author = "Lu, {C. Y.} and Chou, {A. K.} and Wu, {C. L.} and Yang, {C. H.} and Chen, {J. T.} and Wu, {P. C.} and Lin, {S. H.} and R. Muhammad and Yang, {L. C.}",
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Lu, CY, Chou, AK, Wu, CL, Yang, CH, Chen, JT, Wu, PC, Lin, SH, Muhammad, R & Yang, LC 2002, 'Gene-gun particle with pro-opiomelanocortin cDNA produces analgesia against formalin-induced pain in rats', Gene Therapy, 卷 9, 編號 15, 頁 1008-1014. https://doi.org/10.1038/sj.gt.3301774

Gene-gun particle with pro-opiomelanocortin cDNA produces analgesia against formalin-induced pain in rats. / Lu, C. Y.; Chou, A. K.; Wu, C. L.; Yang, C. H.; Chen, J. T.; Wu, P. C.; Lin, S. H.; Muhammad, R.; Yang, L. C.

於: Gene Therapy, 卷 9, 編號 15, 27.08.2002, p. 1008-1014.

研究成果: Article

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T1 - Gene-gun particle with pro-opiomelanocortin cDNA produces analgesia against formalin-induced pain in rats

AU - Lu, C. Y.

AU - Chou, A. K.

AU - Wu, C. L.

AU - Yang, C. H.

AU - Chen, J. T.

AU - Wu, P. C.

AU - Lin, S. H.

AU - Muhammad, R.

AU - Yang, L. C.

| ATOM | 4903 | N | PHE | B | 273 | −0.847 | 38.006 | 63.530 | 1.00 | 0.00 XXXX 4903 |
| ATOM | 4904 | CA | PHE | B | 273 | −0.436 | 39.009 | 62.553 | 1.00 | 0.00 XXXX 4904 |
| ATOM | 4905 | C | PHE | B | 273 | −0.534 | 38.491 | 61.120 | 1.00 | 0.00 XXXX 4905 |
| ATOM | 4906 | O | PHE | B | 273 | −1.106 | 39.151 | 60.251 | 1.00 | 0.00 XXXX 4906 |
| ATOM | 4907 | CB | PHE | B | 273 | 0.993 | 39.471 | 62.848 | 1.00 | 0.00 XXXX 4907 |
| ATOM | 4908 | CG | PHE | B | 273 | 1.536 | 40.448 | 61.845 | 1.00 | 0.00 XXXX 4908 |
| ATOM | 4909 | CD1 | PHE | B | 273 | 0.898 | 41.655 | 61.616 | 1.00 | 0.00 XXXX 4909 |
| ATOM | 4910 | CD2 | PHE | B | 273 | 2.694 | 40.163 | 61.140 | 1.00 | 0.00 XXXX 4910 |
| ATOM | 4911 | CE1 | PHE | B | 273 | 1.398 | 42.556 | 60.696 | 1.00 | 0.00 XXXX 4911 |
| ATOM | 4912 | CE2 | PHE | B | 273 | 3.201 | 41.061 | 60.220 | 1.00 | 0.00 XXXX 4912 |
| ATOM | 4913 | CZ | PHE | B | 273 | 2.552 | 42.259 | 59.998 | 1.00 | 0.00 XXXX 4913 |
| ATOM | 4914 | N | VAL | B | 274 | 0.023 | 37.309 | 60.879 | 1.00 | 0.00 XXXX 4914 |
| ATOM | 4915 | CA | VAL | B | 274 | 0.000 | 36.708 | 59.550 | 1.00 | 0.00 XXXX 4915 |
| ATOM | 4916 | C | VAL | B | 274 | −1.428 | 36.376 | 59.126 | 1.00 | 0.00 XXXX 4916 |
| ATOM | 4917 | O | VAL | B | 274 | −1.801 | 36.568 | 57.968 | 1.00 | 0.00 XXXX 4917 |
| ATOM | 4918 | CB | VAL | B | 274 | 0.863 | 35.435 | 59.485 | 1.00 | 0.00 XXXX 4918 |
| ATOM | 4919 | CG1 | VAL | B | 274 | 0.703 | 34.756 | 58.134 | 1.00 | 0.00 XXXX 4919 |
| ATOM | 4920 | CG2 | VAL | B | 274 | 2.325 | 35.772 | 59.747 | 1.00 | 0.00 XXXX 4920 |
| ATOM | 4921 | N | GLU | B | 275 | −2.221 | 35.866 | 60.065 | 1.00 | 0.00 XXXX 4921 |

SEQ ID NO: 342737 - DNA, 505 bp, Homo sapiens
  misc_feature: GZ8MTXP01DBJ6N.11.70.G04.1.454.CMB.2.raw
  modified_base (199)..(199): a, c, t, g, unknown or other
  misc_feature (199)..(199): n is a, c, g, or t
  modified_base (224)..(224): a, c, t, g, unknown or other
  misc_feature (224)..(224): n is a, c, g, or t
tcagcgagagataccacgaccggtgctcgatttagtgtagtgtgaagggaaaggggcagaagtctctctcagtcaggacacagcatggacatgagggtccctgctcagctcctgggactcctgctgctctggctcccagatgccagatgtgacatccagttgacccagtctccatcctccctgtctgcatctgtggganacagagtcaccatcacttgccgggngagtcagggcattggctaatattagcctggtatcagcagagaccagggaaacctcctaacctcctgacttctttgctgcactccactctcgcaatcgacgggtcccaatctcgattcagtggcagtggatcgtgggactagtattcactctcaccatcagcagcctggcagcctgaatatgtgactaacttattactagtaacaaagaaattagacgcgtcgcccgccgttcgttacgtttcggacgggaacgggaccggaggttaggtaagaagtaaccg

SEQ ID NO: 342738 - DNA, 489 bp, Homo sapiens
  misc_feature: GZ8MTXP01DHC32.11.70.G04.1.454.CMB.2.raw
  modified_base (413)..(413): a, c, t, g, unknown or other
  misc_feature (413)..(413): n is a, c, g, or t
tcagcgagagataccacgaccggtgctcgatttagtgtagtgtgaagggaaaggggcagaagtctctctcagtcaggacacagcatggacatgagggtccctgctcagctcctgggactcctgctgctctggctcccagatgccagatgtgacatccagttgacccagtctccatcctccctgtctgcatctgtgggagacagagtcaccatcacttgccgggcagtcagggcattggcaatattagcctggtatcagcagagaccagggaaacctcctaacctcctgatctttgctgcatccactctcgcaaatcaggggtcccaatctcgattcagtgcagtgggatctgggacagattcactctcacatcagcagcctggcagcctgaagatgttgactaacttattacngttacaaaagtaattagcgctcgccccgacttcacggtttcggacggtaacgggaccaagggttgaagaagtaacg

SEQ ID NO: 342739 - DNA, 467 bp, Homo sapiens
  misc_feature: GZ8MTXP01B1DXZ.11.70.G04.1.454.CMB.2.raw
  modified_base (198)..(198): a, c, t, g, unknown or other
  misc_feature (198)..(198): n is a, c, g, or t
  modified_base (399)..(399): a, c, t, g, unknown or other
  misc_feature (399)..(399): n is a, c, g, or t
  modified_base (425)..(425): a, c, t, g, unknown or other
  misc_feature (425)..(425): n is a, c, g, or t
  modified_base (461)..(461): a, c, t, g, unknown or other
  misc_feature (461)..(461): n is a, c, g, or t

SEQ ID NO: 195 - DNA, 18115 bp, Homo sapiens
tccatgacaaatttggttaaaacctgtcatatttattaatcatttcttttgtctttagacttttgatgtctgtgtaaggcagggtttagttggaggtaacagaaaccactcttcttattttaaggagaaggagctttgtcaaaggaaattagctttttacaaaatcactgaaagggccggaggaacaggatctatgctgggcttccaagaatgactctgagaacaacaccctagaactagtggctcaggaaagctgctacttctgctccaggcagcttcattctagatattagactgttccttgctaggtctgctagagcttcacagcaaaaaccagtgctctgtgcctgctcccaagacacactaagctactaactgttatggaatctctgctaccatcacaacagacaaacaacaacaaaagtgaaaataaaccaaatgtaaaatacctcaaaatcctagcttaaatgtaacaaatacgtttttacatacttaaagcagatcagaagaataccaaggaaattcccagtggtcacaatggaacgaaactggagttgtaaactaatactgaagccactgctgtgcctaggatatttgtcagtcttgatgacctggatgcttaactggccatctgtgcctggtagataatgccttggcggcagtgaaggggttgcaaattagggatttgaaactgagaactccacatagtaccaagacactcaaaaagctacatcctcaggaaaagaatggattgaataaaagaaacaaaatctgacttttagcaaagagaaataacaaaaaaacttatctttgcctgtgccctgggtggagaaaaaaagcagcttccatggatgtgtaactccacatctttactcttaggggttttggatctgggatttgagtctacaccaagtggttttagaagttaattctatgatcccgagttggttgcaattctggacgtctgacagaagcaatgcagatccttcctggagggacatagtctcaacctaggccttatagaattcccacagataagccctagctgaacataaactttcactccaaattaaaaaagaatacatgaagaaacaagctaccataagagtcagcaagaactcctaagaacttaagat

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N2 - Endogenous opioid peptides play an essential role in the intrinsic modulation and control of inflammatory pain, and could be therapeutically useful. These opioid peptides are synthesized as parts of larger precursor molecules. One such precursor molecule is pro-opiomelanocortin (POMC). In this study, we developed a gene-gun method for the transfer of POMC cDNA in vivo, and investigated its therapeutic effect on inflammatory pain in a rat model of formalin-induced pain. Human POMC cDNA was cloned into a modified pCMV plasmid and delivered to the skin of rats by gene gun. Three days after gene-gun injection, 1 % formalin was injected. Endorphin levels were measured in the serum and skin after the tormalin test, and skin histology was used to detect endorphin after green fluorescent protein (GFP; control) or POMC cDNA transfer. There was no significant difference in the results of acute nociceptive tests between the experimental and control groups. There was also no difference in response between the groups to phase 1 of the formalin test. However, rats which received POMC cDNA via gene-gun injection showed a significantly reduced response in phase 2 of the formalin test. Endorphin immunoreactivity in the skin increased approximately three- to four-fold in experimental animals compared with GFP-treated controls at day 3 after injection. The phase 2 response in animals treated with formalin and naloxone did not differ significantly from the control, implying that the analgesic effects of POMC cDNA particle injection in phase 2 of the formalin test are reversed by naloxone. There are two major findings from this study. First, in vivo DNA delivery by gene gun to the skin is feasible. Second, the production of β-endorphin is insufficient to block phasic pain, but is effective against sensitization of the afferent neurons during phase 2 of the formalin test.